You may even want to consider wearing a mask. Research on wearing masks to prevent respiratory illnesses such as colds, flu and COVID-19 has shown varying levels of effectiveness depending on factors like mask type, fit and compliance, says Dr. Goldman. He says it’s important to note that research on mask efficacy continues to evolve and recommendations may change based on new findings and emerging variants of respiratory viruses.
He also advises following the guidance of public health authorities and staying informed about the latest research and recommendations regarding mask usage, especially in the context of specific respiratory illnesses like COVID-19.
Air pressure is lower at higher altitudes, which means your body takes in less oxygen. Airlines “pressurize” the air in the cabin, but not to sea-level pressures, so there’s still less oxygen getting to your body when you fly, which can make you feel drained or even short of breath. The potential dehydration factor and sitting for long periods of time doesn’t help. Then, there’s the jet lag, if you’re traveling to a different time zone.
What you can do: Hydration is key. Get up and walk around if you’re sitting for more than a couple hours, and perform stretches in your seat, like picking your feet off the ground and flexing and pointing your toes, to keep blood flowing.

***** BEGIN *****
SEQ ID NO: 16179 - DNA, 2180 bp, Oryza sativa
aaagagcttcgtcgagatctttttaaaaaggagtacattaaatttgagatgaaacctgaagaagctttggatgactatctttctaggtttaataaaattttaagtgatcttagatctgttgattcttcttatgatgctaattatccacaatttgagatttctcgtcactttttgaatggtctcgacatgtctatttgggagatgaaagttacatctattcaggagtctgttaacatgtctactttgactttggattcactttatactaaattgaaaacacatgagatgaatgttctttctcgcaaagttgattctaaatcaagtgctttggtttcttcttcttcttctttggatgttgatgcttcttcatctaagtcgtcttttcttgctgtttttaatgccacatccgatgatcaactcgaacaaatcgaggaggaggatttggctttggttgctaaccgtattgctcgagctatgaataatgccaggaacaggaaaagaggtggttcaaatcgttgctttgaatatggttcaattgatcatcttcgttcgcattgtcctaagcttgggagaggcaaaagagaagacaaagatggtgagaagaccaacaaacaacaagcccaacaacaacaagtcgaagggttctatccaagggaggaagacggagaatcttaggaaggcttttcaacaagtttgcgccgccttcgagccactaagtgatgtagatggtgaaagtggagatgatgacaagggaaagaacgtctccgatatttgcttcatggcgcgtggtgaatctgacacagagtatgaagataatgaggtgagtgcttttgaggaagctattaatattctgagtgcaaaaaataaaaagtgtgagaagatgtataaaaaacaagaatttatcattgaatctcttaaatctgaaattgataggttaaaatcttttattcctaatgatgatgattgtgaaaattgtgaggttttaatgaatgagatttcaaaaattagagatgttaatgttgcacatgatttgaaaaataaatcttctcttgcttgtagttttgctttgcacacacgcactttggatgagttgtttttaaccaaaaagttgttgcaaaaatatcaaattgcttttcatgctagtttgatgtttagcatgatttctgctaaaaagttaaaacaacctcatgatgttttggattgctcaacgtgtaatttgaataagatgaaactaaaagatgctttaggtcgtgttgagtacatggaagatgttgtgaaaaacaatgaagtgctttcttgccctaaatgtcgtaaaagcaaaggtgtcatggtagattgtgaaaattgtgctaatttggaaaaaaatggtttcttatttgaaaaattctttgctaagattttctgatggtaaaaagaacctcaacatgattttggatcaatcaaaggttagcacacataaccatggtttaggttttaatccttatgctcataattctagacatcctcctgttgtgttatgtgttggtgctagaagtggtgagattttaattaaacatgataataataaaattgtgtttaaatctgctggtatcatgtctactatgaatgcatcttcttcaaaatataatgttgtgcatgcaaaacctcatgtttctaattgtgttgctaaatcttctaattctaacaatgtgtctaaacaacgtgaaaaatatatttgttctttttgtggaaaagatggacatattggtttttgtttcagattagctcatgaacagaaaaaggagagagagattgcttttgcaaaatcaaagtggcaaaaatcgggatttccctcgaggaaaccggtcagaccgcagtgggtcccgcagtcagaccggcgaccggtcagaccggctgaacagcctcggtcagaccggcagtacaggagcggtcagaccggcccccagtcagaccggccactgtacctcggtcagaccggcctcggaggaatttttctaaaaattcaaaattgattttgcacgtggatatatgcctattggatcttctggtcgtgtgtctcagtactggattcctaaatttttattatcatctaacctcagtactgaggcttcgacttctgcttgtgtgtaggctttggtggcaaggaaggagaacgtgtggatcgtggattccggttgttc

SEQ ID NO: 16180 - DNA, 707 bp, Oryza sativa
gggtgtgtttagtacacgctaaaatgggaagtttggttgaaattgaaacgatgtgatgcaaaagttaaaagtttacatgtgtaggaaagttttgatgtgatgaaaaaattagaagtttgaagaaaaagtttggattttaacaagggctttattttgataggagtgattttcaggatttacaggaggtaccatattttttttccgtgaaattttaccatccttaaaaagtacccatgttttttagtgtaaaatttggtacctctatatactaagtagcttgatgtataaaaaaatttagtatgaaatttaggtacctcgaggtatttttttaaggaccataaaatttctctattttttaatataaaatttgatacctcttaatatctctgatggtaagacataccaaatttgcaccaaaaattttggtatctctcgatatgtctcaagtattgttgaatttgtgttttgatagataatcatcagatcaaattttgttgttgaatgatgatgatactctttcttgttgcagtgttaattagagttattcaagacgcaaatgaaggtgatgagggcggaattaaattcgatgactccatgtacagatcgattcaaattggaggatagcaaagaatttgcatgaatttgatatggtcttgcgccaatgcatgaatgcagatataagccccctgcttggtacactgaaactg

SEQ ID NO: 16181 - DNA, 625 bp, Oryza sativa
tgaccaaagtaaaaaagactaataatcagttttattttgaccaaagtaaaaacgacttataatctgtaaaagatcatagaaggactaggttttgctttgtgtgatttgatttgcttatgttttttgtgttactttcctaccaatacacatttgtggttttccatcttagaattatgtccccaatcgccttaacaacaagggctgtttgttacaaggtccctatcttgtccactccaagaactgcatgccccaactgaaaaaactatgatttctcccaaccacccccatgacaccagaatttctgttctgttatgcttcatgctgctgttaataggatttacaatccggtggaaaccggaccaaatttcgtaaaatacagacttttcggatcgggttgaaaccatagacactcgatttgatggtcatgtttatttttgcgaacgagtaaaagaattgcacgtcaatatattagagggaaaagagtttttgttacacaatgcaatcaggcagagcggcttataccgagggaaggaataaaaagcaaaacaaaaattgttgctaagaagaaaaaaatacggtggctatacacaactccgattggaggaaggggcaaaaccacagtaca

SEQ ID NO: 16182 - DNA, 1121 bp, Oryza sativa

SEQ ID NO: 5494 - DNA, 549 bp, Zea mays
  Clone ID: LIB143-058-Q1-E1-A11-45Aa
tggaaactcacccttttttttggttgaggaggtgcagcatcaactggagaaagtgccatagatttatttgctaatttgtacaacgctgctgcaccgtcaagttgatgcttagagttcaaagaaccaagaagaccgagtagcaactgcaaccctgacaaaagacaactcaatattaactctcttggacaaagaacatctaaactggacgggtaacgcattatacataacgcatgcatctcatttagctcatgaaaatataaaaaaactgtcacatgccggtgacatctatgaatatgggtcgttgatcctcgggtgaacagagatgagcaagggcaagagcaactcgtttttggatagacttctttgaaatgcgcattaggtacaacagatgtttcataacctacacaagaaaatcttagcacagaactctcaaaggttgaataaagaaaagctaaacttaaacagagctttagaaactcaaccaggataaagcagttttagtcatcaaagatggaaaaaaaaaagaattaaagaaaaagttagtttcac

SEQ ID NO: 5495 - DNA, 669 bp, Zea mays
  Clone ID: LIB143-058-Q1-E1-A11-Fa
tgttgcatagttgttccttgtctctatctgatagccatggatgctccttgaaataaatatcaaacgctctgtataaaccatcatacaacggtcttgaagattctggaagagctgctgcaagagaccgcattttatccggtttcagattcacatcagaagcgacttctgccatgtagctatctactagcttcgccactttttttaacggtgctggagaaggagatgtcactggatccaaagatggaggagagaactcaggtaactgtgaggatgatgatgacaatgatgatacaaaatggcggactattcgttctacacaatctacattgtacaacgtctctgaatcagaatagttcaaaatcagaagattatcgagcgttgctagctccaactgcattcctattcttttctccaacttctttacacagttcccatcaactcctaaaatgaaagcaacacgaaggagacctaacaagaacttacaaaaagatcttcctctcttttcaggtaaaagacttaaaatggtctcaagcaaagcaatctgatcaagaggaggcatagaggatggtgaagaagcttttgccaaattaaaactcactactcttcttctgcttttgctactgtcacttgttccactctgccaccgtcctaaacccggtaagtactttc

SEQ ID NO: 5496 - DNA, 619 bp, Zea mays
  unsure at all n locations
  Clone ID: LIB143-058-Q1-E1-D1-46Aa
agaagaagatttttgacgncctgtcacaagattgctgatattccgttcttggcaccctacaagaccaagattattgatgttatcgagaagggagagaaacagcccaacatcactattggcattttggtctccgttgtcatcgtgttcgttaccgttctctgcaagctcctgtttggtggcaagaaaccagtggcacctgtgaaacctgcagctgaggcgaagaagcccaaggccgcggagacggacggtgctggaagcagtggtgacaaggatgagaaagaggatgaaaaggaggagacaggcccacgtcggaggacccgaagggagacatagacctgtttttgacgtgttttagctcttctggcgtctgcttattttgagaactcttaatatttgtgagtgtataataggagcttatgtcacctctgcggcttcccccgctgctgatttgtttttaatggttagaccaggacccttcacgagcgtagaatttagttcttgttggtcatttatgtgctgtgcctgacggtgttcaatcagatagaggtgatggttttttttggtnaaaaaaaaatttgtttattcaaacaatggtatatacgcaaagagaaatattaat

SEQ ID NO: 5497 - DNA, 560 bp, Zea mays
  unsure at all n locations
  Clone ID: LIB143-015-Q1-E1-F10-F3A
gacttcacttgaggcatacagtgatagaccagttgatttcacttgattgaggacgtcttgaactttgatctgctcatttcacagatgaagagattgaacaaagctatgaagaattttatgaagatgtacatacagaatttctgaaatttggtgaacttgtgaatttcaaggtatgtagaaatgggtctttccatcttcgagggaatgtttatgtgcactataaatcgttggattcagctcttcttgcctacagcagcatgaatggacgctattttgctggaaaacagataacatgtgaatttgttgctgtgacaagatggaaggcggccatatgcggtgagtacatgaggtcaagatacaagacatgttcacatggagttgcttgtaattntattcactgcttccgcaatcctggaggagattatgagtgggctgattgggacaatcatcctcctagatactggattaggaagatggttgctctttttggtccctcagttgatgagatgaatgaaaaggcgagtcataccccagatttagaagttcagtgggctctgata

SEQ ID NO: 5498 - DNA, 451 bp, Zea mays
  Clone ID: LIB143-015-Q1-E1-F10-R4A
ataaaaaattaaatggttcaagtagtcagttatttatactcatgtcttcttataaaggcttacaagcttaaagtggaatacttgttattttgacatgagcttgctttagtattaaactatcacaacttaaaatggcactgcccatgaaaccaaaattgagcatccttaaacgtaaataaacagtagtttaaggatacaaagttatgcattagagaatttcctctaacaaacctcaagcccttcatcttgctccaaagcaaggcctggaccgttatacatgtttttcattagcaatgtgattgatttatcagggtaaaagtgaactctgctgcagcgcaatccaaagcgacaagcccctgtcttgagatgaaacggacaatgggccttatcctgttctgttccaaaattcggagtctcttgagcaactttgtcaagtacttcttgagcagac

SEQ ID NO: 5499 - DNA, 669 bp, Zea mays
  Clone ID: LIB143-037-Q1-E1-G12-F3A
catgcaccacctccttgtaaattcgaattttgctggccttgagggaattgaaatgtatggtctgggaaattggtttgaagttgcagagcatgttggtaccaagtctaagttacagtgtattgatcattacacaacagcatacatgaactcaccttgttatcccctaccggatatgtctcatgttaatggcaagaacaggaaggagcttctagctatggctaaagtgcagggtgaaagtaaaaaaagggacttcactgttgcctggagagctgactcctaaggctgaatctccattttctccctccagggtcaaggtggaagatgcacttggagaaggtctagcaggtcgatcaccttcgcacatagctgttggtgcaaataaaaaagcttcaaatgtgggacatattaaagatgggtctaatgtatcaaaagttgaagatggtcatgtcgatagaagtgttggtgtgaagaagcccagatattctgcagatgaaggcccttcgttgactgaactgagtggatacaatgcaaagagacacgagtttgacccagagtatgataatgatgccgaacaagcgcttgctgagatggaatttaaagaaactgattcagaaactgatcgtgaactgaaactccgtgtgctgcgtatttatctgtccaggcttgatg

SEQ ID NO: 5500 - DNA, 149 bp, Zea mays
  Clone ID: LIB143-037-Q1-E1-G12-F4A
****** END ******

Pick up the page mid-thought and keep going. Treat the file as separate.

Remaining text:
And if you’re traveling to a different time zone for just a day or two, Dr. Goldman recommends trying to keep your sleep schedule on your home time zone.
As the pressure in the cabin changes, the air pressure inside your inner ears try to adjust with it — this equalization is what helps you maintain your balance. Stress is placed around the middle ear tissue and eustachian tubes when the outside pressure changes quickly during takeoff and landing, which is why your ears may adjust by popping.
That imbalance can also contribute to motion sickness. That occurs when your brain receives conflicting messages about motion and your body’s position in space delivered from your inner ear, your eyes, your skin receptors and your muscle and joint sensors.
What you can do: Swallow or yawn to open the eustachian tubes, which control the pressure in your middle ear, during takeoff and landing. To minimize motion sickness, choose a window seat over the wing, where the degree of motion is lowest and you may be able to view the horizon.
Those same airplane pressure changes cause the gas inside your stomach and intestines to expand, which is why you may feel bloated.
What you can do: Pass on scarfing down a greasy burger and fries in the terminal and avoid any other foods you know could make your gas worse.
If you have a chronic medical condition, Dr. Goldman recommends carrying a copy of any important or recent medical records in case you need to be seen by a different provider while traveling.
And if you aren’t feeling well, it might be worth putting off air travel. If your eustachian tubes are clogged by inflammation from a cold or allergies, your ears might not be able to “pop” during takeoff and landing, which could cause pain and even damage the ear.
If you have more questions or concerns about traveling, or whether certain medications might help ease your travel issues, your provider can help with those decisions.